Our latest monthly investment update for February 2023 looks at how the global investment markets, economy, and commodities perform.
The FTSE 100 index of leading UK company shares closed at the end of January at 7,771.70 points, up 319.96 points or 4.29% during the month.
Awaiting rate decisions
Markets in the UK and Europe started February positively as investors await the latest interest rate decisions from the US Federal Reserve, Bank of England and European Central Bank.
While markets anticipate the US Fed will hike interest rates by 25 basis points later today, the Bank of England and European Central Bank are expected to announce a 50 basis point increase tomorrow.
Investors are looking for forward guidance from the central banks, as inflation indicators suggest rising prices have peaked and are now in decline, making further aggressive monetary tightening less necessary.
If the Bank of England increases interest rates to 4% this week in response to wage growth and core inflation figures, it would be their tenth consecutive rate rise since the process of the monetary policy started in December 2021.
Better economic news
The EY ITEM Club, a forecasting group, expects better economic news from the Bank of England at their next Monetary Policy Committee meeting, saying in a report:
“A significant fall in gas prices, lower market interest rate expectations and an economy less weak than expected should cause the Bank of England to dial back on the downbeat economic outlook of its last forecast when it presents new projections on Thursday.
“Stubborn core inflation and strong pay growth mean another 50 basis points rise in bank rate is likely. But the EY ITEM Club thinks this increase could prove the end of the current rate-rising cycle.”
Falling house prices
With mortgage borrowing costs rising, average house prices fell for a fifth consecutive month. According to lender Nationwide, the average sale price fell to £258,297 in January, with annual house price growth slowing to just 1.1%, down from 2.8% a month earlier.
Average property prices fell 0.6% in January after recording a 0.3% fall in December.
Robert Gardner, Nationwide’s chief economist, said: “There are some encouraging signs that mortgage rates are normalising, but it is too early to tell whether activity in the housing market has started to recover.
“The fall in house purchase approvals in December reported by the Bank of England largely reflects the sharp decline in mortgage applications following the mini-budget.
“It will be hard for the market to regain much momentum in the near term as economic headwinds are set to remain strong, with real earnings likely to fall further and the labour market widely projected to weaken as the economy shrinks.”
Walk Out Wednesday
The growing industrial action is connected to the rising cost of living, with the first day of the month dubbed ‘Walk Out Wednesday’.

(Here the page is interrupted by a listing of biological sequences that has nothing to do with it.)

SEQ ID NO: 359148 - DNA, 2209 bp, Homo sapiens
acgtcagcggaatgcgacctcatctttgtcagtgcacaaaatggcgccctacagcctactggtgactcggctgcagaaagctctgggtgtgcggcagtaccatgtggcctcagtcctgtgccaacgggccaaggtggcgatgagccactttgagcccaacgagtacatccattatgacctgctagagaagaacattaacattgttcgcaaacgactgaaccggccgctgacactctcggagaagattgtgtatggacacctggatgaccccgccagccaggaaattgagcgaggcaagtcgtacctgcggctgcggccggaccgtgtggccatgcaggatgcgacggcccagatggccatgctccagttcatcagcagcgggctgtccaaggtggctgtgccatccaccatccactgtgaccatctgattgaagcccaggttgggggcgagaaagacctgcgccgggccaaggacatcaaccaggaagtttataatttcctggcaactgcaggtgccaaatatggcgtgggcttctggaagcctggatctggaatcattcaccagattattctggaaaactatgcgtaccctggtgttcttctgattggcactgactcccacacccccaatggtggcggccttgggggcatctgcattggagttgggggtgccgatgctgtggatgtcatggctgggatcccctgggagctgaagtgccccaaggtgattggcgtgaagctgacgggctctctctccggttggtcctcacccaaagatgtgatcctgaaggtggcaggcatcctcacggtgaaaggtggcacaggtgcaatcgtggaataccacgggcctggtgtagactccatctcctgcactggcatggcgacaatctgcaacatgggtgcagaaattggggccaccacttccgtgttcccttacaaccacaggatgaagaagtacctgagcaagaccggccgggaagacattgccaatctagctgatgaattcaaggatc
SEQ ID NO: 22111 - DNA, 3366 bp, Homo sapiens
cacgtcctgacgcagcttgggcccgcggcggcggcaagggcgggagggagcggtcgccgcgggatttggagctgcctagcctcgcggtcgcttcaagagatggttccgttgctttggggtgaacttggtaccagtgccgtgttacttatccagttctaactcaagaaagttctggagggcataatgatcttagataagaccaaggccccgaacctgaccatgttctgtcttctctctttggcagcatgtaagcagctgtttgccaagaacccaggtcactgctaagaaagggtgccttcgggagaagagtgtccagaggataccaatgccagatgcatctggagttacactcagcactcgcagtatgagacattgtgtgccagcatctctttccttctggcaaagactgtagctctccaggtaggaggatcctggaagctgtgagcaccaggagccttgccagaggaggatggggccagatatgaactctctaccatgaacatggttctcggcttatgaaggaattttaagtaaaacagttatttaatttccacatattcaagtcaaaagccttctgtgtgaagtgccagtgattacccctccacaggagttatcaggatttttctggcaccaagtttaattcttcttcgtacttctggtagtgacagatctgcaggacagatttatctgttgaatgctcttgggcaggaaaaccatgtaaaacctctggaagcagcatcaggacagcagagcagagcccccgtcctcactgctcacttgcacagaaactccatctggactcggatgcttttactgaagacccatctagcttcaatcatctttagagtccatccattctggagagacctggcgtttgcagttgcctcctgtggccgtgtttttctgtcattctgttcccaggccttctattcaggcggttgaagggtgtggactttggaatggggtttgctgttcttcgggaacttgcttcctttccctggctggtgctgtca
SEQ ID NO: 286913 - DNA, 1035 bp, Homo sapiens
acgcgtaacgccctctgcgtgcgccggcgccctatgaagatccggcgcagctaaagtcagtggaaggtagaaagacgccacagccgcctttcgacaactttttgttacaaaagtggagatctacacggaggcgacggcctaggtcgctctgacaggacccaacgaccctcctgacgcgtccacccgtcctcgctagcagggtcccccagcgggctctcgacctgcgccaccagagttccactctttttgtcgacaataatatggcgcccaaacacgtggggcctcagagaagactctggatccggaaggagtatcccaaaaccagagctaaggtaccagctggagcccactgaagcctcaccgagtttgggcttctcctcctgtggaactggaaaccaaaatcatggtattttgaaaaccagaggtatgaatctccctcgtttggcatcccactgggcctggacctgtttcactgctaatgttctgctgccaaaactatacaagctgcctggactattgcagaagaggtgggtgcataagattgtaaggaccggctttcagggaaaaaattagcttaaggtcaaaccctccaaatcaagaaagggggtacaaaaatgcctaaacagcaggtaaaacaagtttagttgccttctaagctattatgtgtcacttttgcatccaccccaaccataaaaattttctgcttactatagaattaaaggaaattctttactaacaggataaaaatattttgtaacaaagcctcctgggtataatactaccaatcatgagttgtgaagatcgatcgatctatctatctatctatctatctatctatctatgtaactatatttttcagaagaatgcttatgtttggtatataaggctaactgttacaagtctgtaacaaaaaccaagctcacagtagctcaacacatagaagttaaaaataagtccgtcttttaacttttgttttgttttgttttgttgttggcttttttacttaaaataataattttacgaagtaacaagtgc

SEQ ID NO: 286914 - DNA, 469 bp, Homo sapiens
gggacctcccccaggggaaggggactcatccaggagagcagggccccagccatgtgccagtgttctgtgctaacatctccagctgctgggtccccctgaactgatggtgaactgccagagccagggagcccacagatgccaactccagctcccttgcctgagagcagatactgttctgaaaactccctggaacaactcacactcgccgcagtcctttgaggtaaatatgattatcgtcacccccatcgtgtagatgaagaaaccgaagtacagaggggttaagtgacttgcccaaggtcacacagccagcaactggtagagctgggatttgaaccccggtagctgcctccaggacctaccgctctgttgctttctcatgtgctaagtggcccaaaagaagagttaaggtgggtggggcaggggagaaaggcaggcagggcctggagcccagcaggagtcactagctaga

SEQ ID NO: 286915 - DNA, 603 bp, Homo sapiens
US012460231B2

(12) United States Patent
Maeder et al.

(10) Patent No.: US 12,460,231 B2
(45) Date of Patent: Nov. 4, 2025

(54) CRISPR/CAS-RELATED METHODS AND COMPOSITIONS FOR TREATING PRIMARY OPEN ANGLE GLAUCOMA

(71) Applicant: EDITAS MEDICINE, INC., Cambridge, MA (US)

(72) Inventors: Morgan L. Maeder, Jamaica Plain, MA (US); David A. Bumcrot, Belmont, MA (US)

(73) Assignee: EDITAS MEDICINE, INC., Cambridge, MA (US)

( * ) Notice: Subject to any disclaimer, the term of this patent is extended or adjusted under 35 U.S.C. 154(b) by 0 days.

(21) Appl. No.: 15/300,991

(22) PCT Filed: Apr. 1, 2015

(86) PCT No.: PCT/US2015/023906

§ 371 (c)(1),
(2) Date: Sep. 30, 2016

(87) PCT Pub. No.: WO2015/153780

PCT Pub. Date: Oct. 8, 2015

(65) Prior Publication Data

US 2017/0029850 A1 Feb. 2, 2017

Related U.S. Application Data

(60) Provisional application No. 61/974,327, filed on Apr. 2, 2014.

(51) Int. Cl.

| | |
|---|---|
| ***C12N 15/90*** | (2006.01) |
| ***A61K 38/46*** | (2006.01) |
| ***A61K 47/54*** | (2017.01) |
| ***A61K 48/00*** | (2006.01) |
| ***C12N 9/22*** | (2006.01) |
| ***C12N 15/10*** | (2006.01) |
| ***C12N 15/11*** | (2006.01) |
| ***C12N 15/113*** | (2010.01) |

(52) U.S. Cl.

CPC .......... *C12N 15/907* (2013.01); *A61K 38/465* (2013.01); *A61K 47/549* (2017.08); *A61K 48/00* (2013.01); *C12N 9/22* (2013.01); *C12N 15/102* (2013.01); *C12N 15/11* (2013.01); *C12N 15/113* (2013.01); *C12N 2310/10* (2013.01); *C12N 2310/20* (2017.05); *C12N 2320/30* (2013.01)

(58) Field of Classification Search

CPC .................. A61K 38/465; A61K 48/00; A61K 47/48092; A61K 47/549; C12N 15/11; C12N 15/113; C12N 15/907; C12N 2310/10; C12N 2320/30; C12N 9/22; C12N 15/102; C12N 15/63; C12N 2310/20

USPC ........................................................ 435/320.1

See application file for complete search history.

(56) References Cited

As many as half a million people withdrew their labour as part of the largest strike in a decade, with members of several trade unions taking part across schools, universities, trains and buses. Thousands of schools closed for the day as a result.
Rising petrol prices
Despite signs of peak inflation and the top of the interest rate cycle approaching, drivers experienced rising fuel costs following an increase in oil costs.
Data company Experian released data showing the average price of a litre of petrol on UK forecourts was 148.8p on Monday, up from 148.4p a week earlier. Petrol prices remained significantly lower than their record high of 191.5p a litre in July last year.
Luke Bosdet, AA fuel price spokesman, said: “After a fall of close to 43p a litre since the summer record, drivers feared that a rebound in petrol prices would eventually happen.
“So far, pump price averages have risen only slightly.
“But today’s price is only 0.9p below the average price at the start of the Ukraine war on February 24 when pump prices surged.”
Electricity price methodology
Another factor continuing to drive price inflation is the method for setting electricity prices, which new analysis has found increased UK household bills by up to £7.2 billion over two years.
The Carbon Tracker Initiative reported that energy suppliers are forced to pay the highest wholesale price for electricity, regardless of how it is generated. Gas-fired power stations are the most expensive way to generate electricity but only account for around 40% of electricity consumed by UK households.
In response, the Department for Business, Energy and Industrial Strategy said it had “already launched a major review” of the electricity market “to radically cut costs” for consumers in the long term.
The UK is expected to be the only developed economy to contract in 2023, according to new forecasts from the International Monetary Fund (IMF).
The forecast shows the UK economy contracting by 0.6% this year, revising an earlier growth forecast. However, the IMF also said that the UK is now “on the right track”.
The IMF also said the trend of central banks putting up interest rates to try to curb inflation and the war in Ukraine continued to “weigh on economic activity” worldwide.
On 1st February, £1 buys $1.2320 or €1.1317. Gold is $1,905.20 an ounce, and UK natural gas futures are 145.90p/therm, down from 179.99p/therm a month earlier. The UK 10-year gilt yield is 3.304%, down from 3.535% a month earlier.